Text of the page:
United States of America and Vicki Meek, Revenue Officer Internal Revenue Service v. Thomas H. Smith
Appeal Court of Appeals for the Tenth Circuit, Case No. 94-4115

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57 F.3d 1081

76 A.F.T.R.2d 95-5181

NOTICE: Although citation of unpublished opinions remains unfavored, unpublished opinions may now be cited if the opinion has persuasive value on a material issue, and a copy is attached to the citing document or, if cited in oral argument, copies are furnished to the Court and all parties. See General Order of November 29, 1993, suspending 10th Cir. Rule 36.3 until December 31, 1995, or further order.

UNITED STATES of America and Vicki Meek, Revenue Officer
Internal Revenue Service, Petitioners-Appellees,
Thomas H. SMITH, Respondent-Appellant.

No. 94-4115.
(D.C. No. 93-CV-325)

United States Court of Appeals, Tenth Circuit.

June 16, 1995.

Before TACHA, LOGAN and KELLY, Circuit Judges.


After examining the briefs and appellate record, this panel has determined unanimously that oral argument would not materially assist the determination of this appeal. See Fed. R.App. P. 34(a); 10th Cir. R. 34.1.9. The case is therefore ordered submitted without oral argument.


This controversy stems from a petition filed by the Internal Revenue Service (IRS) to enforce two summonses served on respondent Thomas H. Smith. The district court granted the petition to enforce. Smith appealed that enforcement order to this court, but we dismissed the appeal for his failure to prosecute. Thereafter, Smith refused to comply with the summonses. The government then made a motion to hold Smith in contempt. After a show cause hearing the court ordered imprisonment until Smith complied with the order, and it imposed a fine of $14,421.90. The instant appeal is from that contempt order.


After filing the notice of appeal Smith purged himself of the contempt and was released from custody. It appears he has not yet been relieved of the fine, but the court has appointed counsel to represent Smith and agreed to further hearings with respect to the fine. See I R. tab 38, 45; V R. 54. The government argues that the appeal is moot because Smith purged himself of contempt and was released from custody. It argues that the fine is not in issue on this appeal, and thus Smith is suffering no collateral consequences of the contempt adjudication.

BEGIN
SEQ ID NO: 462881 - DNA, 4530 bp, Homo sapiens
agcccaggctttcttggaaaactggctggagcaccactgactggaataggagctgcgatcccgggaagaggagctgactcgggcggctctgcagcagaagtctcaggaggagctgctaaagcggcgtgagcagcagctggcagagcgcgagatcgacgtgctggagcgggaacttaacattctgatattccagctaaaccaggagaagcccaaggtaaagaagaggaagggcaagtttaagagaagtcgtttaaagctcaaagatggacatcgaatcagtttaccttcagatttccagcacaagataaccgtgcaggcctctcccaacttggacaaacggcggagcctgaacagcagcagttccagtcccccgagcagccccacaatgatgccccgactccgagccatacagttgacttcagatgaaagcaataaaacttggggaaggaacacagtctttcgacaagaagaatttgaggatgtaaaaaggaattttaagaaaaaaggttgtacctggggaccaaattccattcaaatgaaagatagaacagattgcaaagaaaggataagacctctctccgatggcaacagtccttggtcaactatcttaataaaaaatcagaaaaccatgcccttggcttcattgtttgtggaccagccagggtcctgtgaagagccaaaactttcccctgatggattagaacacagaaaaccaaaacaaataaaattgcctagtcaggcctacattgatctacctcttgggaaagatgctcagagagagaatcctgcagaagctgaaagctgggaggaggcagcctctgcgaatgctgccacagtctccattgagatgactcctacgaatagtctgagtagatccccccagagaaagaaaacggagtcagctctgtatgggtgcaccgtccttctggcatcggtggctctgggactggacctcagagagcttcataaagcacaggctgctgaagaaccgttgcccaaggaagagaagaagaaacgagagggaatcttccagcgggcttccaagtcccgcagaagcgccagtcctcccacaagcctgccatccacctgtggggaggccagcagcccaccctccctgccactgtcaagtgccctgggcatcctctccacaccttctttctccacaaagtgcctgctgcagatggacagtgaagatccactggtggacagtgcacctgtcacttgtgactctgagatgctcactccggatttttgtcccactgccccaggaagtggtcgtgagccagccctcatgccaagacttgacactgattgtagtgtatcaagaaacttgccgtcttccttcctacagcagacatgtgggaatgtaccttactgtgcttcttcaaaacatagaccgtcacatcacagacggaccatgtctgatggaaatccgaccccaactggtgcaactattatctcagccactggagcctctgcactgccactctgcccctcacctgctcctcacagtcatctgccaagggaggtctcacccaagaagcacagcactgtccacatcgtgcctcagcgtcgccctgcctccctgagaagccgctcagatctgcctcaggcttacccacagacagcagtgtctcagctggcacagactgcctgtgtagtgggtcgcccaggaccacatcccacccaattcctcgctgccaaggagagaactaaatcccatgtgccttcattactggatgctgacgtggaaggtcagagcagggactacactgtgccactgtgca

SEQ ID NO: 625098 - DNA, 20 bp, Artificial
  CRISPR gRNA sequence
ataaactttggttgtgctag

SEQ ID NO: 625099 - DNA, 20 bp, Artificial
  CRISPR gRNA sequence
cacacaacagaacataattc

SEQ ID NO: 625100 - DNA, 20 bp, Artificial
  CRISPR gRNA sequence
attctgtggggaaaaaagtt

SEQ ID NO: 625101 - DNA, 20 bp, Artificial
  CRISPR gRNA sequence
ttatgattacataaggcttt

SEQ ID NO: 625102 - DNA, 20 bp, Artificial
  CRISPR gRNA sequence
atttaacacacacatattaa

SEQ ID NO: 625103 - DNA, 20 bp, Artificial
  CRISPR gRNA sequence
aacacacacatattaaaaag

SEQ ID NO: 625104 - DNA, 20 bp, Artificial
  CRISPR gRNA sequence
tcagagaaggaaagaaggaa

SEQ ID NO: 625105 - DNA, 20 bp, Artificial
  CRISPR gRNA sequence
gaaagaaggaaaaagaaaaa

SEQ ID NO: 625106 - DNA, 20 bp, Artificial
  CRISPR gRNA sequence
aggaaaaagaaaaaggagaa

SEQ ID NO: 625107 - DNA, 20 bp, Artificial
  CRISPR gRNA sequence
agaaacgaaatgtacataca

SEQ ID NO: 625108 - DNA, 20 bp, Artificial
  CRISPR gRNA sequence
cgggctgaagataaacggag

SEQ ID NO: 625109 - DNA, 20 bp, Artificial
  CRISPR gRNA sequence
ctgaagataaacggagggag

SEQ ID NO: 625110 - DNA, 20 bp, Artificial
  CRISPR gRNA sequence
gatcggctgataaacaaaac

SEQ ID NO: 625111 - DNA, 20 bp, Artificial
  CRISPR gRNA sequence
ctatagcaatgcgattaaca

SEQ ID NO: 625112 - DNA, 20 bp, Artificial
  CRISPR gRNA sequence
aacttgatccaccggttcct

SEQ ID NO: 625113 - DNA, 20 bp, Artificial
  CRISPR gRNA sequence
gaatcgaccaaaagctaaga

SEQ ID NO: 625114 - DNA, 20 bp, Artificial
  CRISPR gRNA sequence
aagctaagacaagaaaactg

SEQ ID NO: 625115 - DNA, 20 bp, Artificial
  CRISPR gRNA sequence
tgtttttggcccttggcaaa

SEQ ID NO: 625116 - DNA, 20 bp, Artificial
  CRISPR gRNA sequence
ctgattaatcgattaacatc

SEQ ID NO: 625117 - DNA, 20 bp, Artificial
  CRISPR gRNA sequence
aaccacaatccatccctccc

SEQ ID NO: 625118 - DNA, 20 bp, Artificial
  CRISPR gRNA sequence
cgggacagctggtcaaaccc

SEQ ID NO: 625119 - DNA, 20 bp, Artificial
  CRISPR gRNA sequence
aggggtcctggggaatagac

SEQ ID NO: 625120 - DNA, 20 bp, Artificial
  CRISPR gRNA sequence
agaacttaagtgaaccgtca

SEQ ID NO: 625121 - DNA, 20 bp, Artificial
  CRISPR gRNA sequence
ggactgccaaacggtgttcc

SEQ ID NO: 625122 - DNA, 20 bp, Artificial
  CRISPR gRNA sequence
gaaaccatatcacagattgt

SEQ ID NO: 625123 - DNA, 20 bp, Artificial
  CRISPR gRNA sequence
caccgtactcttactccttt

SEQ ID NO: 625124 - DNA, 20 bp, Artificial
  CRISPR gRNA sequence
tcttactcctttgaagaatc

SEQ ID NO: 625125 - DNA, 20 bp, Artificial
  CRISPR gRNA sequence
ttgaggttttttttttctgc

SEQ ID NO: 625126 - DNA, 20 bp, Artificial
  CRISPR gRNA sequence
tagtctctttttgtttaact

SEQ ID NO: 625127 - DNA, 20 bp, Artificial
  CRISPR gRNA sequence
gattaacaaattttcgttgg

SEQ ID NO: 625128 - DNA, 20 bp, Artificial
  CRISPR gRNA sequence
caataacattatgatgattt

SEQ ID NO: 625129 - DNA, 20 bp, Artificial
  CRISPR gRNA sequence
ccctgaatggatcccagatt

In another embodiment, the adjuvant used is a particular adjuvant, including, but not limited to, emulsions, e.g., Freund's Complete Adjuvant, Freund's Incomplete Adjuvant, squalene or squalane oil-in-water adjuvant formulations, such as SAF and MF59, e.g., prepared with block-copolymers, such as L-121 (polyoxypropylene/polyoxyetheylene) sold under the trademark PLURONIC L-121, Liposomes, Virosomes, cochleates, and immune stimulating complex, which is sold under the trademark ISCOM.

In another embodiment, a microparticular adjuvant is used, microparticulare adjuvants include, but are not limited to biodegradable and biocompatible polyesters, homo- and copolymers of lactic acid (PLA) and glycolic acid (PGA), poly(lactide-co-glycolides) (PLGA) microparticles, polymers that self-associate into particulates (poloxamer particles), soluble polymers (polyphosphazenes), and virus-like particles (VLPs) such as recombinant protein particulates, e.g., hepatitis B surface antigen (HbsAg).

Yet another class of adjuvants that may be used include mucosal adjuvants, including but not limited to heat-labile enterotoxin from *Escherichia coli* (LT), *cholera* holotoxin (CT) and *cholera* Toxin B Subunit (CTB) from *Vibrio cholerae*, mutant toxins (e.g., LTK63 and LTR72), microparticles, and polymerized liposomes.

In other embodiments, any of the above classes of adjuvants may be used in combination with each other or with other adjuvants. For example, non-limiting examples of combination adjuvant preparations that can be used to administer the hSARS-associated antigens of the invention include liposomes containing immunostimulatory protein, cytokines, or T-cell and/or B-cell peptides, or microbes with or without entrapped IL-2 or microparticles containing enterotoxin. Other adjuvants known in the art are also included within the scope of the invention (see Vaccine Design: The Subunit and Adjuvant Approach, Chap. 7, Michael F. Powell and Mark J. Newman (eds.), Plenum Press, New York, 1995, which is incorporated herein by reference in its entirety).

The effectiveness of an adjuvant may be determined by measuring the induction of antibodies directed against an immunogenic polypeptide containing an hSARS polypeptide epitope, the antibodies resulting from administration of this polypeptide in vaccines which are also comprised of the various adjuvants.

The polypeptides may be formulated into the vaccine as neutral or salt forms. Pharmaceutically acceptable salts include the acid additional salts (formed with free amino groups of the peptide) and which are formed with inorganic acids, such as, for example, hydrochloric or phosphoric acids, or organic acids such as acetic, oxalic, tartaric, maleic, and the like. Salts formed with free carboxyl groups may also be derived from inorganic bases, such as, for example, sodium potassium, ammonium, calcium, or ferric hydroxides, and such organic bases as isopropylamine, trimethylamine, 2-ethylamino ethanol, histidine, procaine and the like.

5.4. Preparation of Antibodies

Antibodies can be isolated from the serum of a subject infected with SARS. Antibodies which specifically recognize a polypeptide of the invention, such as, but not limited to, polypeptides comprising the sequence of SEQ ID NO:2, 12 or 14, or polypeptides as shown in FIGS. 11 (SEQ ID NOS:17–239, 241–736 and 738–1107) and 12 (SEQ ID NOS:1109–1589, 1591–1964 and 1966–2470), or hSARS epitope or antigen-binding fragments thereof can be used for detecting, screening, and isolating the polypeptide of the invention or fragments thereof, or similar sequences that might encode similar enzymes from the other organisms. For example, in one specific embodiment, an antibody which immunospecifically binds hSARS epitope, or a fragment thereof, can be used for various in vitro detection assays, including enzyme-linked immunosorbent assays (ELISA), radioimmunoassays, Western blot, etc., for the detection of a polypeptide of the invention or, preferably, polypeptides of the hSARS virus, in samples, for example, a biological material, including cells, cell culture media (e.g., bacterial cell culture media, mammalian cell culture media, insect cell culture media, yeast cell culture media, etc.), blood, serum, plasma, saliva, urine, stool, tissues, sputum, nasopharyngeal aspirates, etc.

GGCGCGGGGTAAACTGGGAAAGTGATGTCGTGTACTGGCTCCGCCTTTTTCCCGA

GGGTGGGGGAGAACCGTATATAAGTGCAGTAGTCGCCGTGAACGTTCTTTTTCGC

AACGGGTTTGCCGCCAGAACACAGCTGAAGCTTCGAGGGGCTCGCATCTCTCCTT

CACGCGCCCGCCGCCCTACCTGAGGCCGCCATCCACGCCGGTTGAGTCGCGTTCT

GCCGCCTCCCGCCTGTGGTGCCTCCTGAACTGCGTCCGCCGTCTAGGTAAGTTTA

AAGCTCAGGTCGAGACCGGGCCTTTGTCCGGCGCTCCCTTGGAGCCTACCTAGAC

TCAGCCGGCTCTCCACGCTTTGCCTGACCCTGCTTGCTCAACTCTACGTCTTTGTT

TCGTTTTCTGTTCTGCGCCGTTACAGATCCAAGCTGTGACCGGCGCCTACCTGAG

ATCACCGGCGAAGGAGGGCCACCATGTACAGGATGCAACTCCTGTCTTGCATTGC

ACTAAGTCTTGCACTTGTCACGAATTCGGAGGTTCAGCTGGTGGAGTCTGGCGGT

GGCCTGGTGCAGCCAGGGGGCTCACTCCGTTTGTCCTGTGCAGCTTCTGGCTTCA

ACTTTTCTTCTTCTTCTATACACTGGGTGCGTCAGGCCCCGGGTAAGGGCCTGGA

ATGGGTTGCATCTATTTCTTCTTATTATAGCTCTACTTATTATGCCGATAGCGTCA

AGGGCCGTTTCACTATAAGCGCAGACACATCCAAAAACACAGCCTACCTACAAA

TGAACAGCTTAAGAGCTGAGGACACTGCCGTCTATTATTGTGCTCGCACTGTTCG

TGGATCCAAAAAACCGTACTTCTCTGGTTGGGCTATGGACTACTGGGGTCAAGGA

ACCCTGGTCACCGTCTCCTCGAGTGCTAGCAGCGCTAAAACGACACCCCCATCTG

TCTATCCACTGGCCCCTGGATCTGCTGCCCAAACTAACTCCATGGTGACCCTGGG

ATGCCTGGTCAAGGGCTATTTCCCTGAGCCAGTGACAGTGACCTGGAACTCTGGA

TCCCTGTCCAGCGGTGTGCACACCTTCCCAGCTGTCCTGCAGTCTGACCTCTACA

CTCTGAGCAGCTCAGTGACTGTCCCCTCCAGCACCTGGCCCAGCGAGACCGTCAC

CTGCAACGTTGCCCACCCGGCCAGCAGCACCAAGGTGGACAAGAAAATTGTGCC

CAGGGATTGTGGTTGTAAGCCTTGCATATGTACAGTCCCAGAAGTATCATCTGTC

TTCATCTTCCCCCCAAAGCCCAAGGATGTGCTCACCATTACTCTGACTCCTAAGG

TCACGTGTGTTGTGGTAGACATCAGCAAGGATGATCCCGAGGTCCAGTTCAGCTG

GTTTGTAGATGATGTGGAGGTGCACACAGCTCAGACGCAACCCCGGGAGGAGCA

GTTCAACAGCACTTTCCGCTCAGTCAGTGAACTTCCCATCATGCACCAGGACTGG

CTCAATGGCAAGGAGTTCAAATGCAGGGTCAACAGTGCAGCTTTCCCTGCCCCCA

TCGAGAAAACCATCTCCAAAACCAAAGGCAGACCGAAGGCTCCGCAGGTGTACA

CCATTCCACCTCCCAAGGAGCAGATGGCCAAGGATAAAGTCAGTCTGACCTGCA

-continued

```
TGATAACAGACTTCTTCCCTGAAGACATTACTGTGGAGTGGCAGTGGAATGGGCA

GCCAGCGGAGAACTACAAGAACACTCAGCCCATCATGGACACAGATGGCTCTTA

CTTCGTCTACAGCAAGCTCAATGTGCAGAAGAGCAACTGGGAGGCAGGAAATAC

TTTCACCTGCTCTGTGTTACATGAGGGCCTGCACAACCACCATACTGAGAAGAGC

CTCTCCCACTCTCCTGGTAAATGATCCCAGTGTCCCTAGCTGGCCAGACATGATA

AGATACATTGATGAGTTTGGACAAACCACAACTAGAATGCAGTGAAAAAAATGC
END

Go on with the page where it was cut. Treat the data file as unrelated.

We agree that the appeal is moot. When we dismissed Smith's appeal of the enforcement order for his failure to prosecute, that order became final and binding upon Smith. Most of his arguments to the district court in the contempt proceeding and on appeal before us go to the merits of that order.2 These arguments are foreclosed by the finality of the enforcement order. A "contempt proceeding does not open to reconsideration the legal or factual basis of the order alleged to have been disobeyed and thus become a retrial of the original controversy." Maggio v. Zeitz, 333 U.S. 56, 69 (1948). The only question at the contempt hearing was whether Smith had complied or was capable of obeying the court's enforcement order. See United States v. Rylander, 460 U.S. 752, 757 (1983). There is no doubt from the record that Smith failed to comply until he purged himself of the contempt. He is no longer incarcerated so that aspect of the court's order is moot. There is no final district court decision on the fine, and therefore nothing for us to consider on appeal.


The appeal is DISMISSED.


The mandate shall issue forthwith.


This order and judgment is not binding precedent, except under the doctrines of law of the case, res judicata, and collateral estoppel. The court generally disfavors the citation of orders and judgments; nevertheless, an order and judgment may be cited under the terms and conditions of the court's General Order filed November 29, 1993. 151 F.R.D. 470


These issues include that the summonses violated the Privacy Act, that Smith is not a taxpayer subject to the summonses, the IRS has not followed proper tax collection procedures, that the IRS enforcement authority is limited to activities involving alcohol, tobacco and firearms, and that the IRS somehow is not an agency of the government


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